Ellen Burstyn Tells Oprah of Struggle to Overcome Abusive Past

Oscar winner Ellen Burstyn says she struggled through decades of abuse and hopes her story will inspire other women.

Burstyn, who has written a memoir, "Lessons in Becoming Myself," told Oprah Winfrey on Thursday's show that her mother was violent and her husband stalked her for a decade before his death in the 1970s.

"It's so humiliating to put all this stuff out there," the 73-year-old actress said. "Finally, you have to say, `It's all right. I can be powerful and be a woman and be loved all at once."'

Burstyn won an Oscar for 1974's "Alice Doesn't Live Here Anymore." She has received Oscar nominations for "Requiem for a Dream," "Resurrection," "Same Time, Next Year," "The Exorcist" and "The Last Picture Show."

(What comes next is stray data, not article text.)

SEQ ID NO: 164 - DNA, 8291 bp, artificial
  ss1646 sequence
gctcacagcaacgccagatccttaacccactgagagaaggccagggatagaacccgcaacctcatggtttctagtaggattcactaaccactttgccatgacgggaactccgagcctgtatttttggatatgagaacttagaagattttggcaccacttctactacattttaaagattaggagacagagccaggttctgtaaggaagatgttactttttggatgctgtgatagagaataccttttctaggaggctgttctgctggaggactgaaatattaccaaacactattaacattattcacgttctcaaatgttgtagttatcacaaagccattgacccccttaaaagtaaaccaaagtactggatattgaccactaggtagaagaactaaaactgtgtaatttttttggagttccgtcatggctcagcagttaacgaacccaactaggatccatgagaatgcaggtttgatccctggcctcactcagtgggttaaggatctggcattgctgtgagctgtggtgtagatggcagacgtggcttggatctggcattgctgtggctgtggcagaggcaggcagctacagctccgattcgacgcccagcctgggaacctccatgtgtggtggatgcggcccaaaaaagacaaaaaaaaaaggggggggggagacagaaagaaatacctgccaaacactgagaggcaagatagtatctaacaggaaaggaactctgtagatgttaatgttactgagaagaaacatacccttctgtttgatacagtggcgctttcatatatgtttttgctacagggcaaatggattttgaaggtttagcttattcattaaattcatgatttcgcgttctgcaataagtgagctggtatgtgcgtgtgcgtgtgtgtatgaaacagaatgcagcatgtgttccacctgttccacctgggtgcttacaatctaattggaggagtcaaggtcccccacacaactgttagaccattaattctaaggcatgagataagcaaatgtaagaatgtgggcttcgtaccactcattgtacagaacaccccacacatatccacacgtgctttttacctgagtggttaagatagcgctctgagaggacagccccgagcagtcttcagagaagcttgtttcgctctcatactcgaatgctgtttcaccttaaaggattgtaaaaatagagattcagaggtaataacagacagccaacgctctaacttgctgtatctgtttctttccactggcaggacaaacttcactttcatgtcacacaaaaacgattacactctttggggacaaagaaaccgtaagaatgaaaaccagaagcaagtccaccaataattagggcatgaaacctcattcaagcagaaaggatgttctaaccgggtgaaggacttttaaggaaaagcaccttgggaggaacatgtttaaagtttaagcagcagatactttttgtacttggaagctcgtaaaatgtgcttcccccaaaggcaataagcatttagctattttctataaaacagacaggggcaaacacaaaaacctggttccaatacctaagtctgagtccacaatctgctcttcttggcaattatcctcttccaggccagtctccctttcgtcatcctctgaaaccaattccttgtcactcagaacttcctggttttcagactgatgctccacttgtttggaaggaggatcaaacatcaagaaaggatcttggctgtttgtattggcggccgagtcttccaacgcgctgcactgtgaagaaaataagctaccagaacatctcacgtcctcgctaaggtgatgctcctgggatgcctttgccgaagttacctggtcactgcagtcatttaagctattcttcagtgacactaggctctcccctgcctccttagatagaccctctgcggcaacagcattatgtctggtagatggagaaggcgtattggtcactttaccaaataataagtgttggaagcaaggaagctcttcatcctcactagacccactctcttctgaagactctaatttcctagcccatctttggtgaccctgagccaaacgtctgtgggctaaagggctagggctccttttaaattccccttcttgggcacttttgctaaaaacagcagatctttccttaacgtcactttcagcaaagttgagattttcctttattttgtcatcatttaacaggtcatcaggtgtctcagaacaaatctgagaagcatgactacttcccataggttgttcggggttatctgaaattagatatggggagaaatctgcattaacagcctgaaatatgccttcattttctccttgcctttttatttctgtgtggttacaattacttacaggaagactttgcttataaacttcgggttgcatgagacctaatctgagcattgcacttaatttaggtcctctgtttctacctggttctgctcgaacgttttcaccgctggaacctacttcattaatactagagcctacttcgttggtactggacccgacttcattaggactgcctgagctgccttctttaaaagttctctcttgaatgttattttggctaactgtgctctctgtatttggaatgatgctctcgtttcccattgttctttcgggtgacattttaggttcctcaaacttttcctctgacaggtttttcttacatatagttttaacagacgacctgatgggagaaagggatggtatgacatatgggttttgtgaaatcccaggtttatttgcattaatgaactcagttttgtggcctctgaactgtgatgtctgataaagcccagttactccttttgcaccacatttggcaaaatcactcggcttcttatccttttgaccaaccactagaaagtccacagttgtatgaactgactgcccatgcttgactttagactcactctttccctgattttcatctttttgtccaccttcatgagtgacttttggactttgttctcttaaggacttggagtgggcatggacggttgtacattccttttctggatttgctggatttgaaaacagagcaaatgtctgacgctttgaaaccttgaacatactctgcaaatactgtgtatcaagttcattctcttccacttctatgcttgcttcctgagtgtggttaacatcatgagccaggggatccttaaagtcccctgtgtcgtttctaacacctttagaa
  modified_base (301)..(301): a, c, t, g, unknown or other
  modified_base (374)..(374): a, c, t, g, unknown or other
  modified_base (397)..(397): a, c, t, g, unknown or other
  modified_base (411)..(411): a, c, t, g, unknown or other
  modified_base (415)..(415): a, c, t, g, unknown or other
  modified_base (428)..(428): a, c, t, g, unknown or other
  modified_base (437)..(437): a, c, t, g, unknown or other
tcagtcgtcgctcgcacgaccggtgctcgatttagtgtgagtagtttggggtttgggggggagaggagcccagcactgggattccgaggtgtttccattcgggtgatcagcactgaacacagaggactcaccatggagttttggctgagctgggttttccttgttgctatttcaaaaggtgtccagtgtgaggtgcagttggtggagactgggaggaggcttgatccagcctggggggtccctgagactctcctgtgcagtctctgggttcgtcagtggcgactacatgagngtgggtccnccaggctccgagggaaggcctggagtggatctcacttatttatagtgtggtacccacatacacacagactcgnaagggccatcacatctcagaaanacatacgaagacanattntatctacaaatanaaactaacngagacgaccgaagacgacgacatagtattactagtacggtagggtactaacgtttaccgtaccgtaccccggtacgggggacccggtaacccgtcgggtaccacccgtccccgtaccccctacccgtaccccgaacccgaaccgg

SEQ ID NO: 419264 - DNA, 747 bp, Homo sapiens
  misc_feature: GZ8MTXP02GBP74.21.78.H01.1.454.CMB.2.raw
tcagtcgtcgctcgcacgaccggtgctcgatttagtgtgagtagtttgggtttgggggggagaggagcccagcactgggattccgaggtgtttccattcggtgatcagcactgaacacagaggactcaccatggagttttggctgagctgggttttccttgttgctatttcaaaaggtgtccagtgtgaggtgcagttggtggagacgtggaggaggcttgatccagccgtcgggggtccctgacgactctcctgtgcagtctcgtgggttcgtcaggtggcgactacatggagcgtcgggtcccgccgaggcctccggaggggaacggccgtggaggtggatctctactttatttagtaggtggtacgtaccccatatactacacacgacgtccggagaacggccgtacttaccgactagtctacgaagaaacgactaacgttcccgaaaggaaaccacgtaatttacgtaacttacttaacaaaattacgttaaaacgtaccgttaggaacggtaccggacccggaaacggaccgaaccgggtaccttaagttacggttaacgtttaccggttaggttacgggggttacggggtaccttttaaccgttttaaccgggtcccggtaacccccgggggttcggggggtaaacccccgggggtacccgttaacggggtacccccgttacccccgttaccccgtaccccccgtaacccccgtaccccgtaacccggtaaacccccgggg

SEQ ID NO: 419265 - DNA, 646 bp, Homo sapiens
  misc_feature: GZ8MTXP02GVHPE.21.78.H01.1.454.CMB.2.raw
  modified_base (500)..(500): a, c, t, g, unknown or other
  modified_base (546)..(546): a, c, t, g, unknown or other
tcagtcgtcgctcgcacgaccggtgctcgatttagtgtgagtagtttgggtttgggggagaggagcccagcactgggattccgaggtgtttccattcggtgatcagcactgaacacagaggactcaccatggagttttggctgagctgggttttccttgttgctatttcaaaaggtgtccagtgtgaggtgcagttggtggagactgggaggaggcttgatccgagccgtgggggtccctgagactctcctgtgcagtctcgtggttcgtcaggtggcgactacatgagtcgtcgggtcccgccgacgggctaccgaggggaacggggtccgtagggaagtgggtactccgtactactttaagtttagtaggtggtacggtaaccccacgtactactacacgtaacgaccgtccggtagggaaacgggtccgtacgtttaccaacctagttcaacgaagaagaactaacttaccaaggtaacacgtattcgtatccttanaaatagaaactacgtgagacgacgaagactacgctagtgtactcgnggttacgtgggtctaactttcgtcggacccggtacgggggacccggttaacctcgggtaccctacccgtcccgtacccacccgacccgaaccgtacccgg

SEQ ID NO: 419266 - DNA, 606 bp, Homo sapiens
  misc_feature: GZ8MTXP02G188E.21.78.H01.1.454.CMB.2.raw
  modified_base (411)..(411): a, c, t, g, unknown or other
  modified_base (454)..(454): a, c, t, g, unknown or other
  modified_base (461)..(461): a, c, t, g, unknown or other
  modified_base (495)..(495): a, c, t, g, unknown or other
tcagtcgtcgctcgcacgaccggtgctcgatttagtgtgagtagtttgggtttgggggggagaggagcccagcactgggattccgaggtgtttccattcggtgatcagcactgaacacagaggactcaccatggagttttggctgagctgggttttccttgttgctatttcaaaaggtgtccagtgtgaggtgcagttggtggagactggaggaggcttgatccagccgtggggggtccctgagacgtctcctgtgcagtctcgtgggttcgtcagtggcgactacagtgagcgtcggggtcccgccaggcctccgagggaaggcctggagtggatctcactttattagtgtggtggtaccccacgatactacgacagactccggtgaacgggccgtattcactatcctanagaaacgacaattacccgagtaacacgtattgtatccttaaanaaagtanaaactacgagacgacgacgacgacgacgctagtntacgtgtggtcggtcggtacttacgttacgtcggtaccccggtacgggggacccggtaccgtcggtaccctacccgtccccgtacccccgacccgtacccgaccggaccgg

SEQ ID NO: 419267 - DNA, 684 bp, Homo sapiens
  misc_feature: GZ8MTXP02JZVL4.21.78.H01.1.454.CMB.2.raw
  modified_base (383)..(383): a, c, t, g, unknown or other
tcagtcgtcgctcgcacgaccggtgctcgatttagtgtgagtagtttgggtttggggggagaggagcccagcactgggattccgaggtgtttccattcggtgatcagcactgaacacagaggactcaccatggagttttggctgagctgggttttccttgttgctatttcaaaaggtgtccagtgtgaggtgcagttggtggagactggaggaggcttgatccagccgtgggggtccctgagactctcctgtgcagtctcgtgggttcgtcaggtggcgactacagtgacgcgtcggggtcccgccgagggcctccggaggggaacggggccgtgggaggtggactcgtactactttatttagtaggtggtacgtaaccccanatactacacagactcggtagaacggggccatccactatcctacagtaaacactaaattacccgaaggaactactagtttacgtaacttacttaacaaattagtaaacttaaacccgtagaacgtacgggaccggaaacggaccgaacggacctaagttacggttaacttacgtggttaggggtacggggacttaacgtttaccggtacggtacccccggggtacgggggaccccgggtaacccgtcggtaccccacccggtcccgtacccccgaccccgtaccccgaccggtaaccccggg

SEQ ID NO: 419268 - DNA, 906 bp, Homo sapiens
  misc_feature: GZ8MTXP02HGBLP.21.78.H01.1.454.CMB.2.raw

When she was young, Burstyn said, she learned to use her sexuality as a means for survival.

"When I was 18 or 19, I wasn't earning very much money, so I ate when I had a date," she said on "The Oprah Winfrey Show." "But that was all the food I got. So I felt the least I could was say `thank you."'

It took nearly 25 years of study, therapy and meditation to feel ready for an emotionally healthy relationship, she said.

"This is quite a book," Winfrey said. "It's easily one of the most candid and most thought-provoking memoirs."